Residents of Wilmington have won a major victory in their long-running quest for access to the waterfront.
After spending months considering a new zoning plan for the Port of Los Angeles, the Los Angeles Planning Commission adopted a compromise proposal that will allow commercial development such as restaurants on the waterfront while permitting heavy industry to remain in the area.
"I'm thrilled to death," said Calvin Hamilton, the former city planning director who is a consultant for two homeowner groups. "I think we accomplished almost everything that the community wanted."
Harbor officials, meanwhile, said that although they did not get all they had asked for, they believed that the Planning Commission had treated the port fairly. "I think they tried to meet the Board of Harbor Commissioners halfway," said Sid Robinson, the port's planning and research director.
The compromise was worked out just before the commission meeting by Councilwoman Joan Milke Flores, Planning Director Kenneth Topping and Commission Vice President William Luddy.
With Flores' blessing, the plan is expected to get easy approval from the City Council. "It's going to be a slam-dunk," Flores aide Ann D'Amato said.
Hamilton and residents applauded the decision, which allows public access to unused land at the foot of Avalon Boulevard, the community's main thoroughfare. Heavy industry near that area poses the threat of fire and explosion and precludes public access.
The compromise, which also involves commitments by the Harbor Department and one of the port's tenants, calls for the following:
The Harbor Department will clear land at the foot of Avalon Boulevard, at the north edge of the harbor's Slip No. 5, for community access. Wilmington residents have dubbed the site Banning's Landing, after Phineas Banning, the native of Wilmington, Del., who developed the harbor in the 1850s.
The tenant, Wilmington Liquid Bulk Co., which operates just east of Slip No. 5, will move hazardous materials farther from Avalon Boulevard to eliminate any danger to the public. At Tuesday's hearing, company President Howard Kurz announced that the company was willing to rearrange its operation and said it could be completed within 18 months.
The port property known as the Wilmington district will be split into two sub-areas for zoning purposes. In the section closest to residential neighborhoods, five types of heavy industry that residents opposed--marine oil terminals, petroleum tank farms, fish canneries, railroad yards and shipbuilding firms--will continue to be permitted, but only with approval from the Planning Commission, which will be able to impose restrictions.
In its initial proposal, the Planning Department had suggested leaving the entire Wilmington District, about 600 acres, zoned for heavy industry without restrictions. This would have allowed the five types of heavy industry to continue "by right," that is, without any public hearings or Planning Commission regulation.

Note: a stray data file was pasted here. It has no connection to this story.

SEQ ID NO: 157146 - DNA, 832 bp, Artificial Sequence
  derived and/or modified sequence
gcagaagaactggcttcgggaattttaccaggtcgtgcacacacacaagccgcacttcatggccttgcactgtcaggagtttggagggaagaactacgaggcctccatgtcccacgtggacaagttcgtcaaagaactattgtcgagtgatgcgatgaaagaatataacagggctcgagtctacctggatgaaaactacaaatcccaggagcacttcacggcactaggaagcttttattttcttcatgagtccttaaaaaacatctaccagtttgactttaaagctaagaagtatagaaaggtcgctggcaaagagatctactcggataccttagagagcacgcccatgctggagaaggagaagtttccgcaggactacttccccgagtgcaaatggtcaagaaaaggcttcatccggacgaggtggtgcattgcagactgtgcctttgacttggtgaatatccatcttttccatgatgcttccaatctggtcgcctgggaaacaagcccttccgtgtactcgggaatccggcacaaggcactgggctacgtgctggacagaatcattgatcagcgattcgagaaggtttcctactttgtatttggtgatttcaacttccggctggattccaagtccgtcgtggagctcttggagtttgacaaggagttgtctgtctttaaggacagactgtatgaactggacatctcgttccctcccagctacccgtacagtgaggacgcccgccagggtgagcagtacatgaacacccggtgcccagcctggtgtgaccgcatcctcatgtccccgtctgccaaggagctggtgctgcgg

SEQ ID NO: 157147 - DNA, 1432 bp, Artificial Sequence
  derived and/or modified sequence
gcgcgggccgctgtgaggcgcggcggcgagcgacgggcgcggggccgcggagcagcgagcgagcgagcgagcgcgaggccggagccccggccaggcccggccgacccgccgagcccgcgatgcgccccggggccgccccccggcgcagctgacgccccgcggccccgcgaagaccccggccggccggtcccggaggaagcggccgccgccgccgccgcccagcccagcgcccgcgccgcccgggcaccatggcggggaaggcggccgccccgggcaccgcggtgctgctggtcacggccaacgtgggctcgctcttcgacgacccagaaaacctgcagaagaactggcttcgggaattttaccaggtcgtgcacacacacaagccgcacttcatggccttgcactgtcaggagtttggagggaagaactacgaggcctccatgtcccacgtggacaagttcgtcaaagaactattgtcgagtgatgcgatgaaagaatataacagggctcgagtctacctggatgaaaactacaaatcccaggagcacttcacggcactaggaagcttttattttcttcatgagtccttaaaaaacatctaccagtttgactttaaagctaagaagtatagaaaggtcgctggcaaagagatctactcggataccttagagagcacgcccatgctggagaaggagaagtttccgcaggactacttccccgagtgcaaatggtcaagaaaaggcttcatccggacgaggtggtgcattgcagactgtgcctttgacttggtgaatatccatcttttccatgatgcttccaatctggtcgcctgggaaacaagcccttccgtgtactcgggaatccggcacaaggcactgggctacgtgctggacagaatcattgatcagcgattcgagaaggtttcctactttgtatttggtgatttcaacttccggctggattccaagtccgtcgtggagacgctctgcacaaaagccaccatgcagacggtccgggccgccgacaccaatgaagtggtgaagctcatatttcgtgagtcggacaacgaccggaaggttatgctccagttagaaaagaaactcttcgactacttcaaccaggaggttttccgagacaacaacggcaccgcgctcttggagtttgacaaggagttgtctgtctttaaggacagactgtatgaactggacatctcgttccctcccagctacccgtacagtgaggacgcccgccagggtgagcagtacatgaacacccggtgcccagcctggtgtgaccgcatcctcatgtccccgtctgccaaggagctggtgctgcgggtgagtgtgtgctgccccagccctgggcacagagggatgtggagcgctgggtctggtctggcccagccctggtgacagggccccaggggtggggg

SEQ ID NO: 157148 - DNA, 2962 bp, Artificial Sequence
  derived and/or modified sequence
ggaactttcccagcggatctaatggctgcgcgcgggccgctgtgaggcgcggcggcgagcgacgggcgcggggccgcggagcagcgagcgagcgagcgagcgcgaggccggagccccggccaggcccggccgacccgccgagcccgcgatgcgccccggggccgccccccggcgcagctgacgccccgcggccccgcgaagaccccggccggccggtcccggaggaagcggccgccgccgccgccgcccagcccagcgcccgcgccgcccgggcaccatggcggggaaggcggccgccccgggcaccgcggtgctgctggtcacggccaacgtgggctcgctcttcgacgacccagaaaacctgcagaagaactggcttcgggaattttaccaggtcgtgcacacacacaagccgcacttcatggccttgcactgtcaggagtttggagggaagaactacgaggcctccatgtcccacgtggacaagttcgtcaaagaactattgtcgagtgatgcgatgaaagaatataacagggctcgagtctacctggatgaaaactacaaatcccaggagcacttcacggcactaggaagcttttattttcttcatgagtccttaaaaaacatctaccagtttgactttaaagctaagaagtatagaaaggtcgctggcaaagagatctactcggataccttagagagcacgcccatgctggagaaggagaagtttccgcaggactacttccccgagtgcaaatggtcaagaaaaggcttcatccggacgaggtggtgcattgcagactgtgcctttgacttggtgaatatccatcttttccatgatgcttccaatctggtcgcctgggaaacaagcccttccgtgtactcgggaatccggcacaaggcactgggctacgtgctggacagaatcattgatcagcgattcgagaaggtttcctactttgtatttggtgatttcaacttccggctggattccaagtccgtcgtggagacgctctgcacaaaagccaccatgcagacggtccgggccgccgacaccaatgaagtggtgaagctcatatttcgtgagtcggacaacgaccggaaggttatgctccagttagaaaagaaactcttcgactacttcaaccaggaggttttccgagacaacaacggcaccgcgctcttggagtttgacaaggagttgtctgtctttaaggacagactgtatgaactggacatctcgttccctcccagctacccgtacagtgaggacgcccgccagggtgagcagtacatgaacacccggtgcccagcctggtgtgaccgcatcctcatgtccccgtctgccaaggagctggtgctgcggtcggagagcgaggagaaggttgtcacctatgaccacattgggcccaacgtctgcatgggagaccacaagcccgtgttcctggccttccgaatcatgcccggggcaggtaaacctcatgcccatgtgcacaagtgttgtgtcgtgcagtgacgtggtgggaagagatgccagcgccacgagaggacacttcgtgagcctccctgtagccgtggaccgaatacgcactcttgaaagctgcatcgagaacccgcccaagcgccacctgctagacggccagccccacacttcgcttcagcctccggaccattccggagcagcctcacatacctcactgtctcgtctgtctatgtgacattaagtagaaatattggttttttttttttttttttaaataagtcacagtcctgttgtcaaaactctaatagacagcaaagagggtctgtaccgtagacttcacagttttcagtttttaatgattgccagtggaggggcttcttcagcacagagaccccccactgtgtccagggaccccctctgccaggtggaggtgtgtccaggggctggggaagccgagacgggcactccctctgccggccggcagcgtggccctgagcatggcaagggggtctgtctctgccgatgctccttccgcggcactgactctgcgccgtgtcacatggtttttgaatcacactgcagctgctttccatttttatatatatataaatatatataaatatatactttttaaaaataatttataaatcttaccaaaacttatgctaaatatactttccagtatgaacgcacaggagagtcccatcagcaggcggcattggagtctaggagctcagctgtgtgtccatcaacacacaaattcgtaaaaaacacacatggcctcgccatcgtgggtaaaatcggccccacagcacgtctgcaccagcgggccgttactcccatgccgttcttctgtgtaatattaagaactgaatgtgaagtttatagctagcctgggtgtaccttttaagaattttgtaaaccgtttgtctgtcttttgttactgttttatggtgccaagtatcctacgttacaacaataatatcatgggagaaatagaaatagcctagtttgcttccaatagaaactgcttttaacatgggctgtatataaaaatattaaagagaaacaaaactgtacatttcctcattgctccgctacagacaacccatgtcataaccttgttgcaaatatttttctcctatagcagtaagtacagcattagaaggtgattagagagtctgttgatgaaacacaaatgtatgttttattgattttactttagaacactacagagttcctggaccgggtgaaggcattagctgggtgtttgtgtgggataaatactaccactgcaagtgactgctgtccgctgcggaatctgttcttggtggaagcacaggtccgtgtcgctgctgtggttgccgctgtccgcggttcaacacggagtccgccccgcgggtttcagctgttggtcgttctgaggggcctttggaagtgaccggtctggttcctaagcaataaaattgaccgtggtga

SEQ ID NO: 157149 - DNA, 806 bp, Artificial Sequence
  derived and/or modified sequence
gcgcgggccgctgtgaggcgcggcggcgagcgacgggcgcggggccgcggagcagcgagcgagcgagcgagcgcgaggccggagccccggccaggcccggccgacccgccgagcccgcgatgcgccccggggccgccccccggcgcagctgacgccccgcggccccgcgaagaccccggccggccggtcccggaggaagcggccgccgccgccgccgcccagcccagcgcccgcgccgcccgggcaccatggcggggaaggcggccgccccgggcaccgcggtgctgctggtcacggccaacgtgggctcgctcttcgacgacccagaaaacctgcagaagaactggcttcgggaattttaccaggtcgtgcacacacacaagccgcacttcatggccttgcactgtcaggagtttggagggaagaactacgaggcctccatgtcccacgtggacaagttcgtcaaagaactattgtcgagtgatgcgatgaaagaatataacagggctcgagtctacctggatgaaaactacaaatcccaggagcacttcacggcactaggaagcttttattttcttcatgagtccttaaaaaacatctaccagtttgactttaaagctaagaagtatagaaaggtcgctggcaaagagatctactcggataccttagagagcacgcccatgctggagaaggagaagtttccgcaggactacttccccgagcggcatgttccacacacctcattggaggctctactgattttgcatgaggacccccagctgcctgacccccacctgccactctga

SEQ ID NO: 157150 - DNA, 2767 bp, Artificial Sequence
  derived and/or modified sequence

Port officials liked that plan, but residents said it would destroy their chances for access to the waterfront by permitting hazardous materials to be handled too close to areas proposed for public use.
In an effort to force Wilmington Liquid Bulk to relocate--and prevent any similar businesses from moving in--the residents proposed splitting the Wilmington District, which planners call Area 5, into two parts. They asked for heavy industrial uses to be permitted only in the area farther from the community, Area 5B, and phased out in the nearer section, Area 5A.
In a policy statement adopted July 13, the harbor commissioners urged the Planning Commission to treat the Wilmington district as a single area. The commissioners said they would designate the Avalon Boulevard site for public access, but only if it did not force any changes in port activities.
Port officials argued that phasing out heavy industry in the Wilmington district would cost millions to their tenants, many of whom have made improvements to the berths they rent from the port. They also feared that rail access to that section of the port could be affected by the new plan.
Peter Mendoza, president of the Wilmington Home Owners group, said it was time for the port to do something for Wilmington, which residents complain is the only coastal community in Southern California without public access to the water.
Mendoza, Hamilton and others have said repeatedly that the port, which has built a marina and cruise center in San Pedro, has lavished recreation and commercial development on that community while ignoring neighboring Wilmington.
Commissioner Sam Botwin, a San Pedro resident who stepped down from the commission Tuesday, agreed. "The people own the harbor and I feel they have a right to have access to the waterfront. . . . " he said.
Area 5A: Oil terminals, petroleum tank farms, fish canning and cleaning facilities, railroad yards and shipbuilding operations permitted with Planning Commission approval.
Area 5B: Above uses permitted "by right"--without special approval.